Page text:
The campaign that led to the election of Jeremy Corbyn has many resonances with the life and work of James Keir Hardie. Like Corbyn, he sought to present an understanding of socialism that was accessible to working people.
To commemorate the centenary of Keir Hardie’s death, Luath Press has published a book, ‘What Would Keir Hardie Say? It aims to highlight aspects of Hardie’s life and work and to draw from them relevance to the present day. Eleven authors have contributed chapters, including myself, and the new leader of the Labour Party, Jeremy Corbyn. They cover his guiding principles, campaigns, Home Rule and how he made his mark.
Keir Hardie was a man of action, or as he described himself, ‘above all an agitator’. He described his mission as ‘to stir up a divine discontent with wrong’. However, this doesn’t mean he had no guiding principles. Richard Leonard explores these through his writings and Bob Holman points to his temperance and his Christianity. Jeremy Corbyn’s chapter highlights a third principle, internationalism, and from that his opposition to colonialism and war.
The energy generated by the Labour leadership campaign was remarkable in our time. However, when you read of the numerous meetings and travels of Keir Hardie, you have to marvel at his commitment to so many causes. William Knox describes his trade union activity and his central contribution in bringing the trade union and socialist movements together with the formation of the Scottish Labour Party, the ILP and then the Labour Party. Barry Winter points to the challenges Hardie faced, many of which resonate today
On one issue he was way ahead of his time, women’s suffrage. Fran Abrams explores why it was so central to him, despite the opposition of many in the labour movement
My own chapter covers the topical issue of Hardie’s support for Home Rule. Despite the attempts by some nationalists to adopt Hardie, it is clear that his Home Rule was a reflection of the Liberal tradition he was part of. As he moved away from that tradition to socialism, even Home Rule became less of a priority. Hardie was a socialist, not a unionist or a nationalist.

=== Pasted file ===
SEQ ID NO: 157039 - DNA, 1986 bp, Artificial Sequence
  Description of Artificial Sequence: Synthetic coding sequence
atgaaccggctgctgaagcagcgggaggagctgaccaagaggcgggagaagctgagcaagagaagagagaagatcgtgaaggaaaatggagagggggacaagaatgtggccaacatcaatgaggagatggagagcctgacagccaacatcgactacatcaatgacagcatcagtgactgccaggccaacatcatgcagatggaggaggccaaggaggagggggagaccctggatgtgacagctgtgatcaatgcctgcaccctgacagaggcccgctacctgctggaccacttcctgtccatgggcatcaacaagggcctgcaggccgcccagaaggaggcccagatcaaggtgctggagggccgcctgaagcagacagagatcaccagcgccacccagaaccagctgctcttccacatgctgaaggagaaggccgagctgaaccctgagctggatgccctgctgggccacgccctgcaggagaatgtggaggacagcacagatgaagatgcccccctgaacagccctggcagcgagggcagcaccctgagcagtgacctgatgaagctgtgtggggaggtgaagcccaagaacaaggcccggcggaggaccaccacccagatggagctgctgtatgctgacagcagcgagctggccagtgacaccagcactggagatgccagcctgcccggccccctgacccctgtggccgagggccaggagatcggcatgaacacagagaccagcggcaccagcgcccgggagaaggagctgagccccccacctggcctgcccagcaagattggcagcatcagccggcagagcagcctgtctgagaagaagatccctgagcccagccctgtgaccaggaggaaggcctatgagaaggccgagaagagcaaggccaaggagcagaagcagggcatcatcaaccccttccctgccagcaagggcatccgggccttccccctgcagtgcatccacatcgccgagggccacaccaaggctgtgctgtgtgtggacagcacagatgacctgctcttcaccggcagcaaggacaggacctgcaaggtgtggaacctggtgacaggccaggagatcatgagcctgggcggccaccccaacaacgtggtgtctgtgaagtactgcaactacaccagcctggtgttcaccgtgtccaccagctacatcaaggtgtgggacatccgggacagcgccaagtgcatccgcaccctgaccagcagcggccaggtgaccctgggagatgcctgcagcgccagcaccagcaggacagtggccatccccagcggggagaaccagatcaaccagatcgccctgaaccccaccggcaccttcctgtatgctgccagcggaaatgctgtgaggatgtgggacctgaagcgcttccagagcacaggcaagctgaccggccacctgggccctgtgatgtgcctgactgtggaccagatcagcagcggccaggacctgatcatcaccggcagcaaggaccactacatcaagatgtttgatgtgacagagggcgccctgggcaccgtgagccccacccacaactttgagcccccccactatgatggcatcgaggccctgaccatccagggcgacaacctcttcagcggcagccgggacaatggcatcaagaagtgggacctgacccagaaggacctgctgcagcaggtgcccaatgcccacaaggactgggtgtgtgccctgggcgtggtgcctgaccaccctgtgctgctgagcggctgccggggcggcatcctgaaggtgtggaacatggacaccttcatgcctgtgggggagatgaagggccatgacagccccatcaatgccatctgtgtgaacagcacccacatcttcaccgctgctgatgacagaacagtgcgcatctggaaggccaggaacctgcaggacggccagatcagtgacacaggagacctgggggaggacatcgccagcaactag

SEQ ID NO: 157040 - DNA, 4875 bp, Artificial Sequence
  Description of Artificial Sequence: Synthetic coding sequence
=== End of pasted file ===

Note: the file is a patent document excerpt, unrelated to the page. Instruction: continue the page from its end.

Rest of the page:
The final chapters of the book cover how Hardie made his mark. Cathy Jamieson covers his impact in Ayrshire, his home despite his many travels. John Callow, who has recently edited a new version of Hardie’s ‘From Serfdom to Socialism’, covers his period as the MP for West Ham. Owen Smith does the same for his time as the MP for Merthyr Tydfil in South Wales
Finally, Melissa Benn pulls together the strands of Hardie’s principles and campaigns. While he championed popular causes, he wasn’t afraid to challenge mainstream thinking. Again, some clear resonance with the Corbyn campaign today. As Pauline Bryan concludes in her introduction, "this leadership election will leave a legacy of a type of politics that is closer to that promoted by Keir Hardie than we have seen for generations."
The book is available, from Luath Press, in all good bookshops, and a few bad ones! There is a fringe meeting on the book at the Labour Party conference and book launch at Waterstones in Sauchiehall St, Glasgow on Thursday 24 September 2015 starting at 7pm. The Keir Hardie Society will also be holding a fringe event at the Scottish Labour Party conference in October.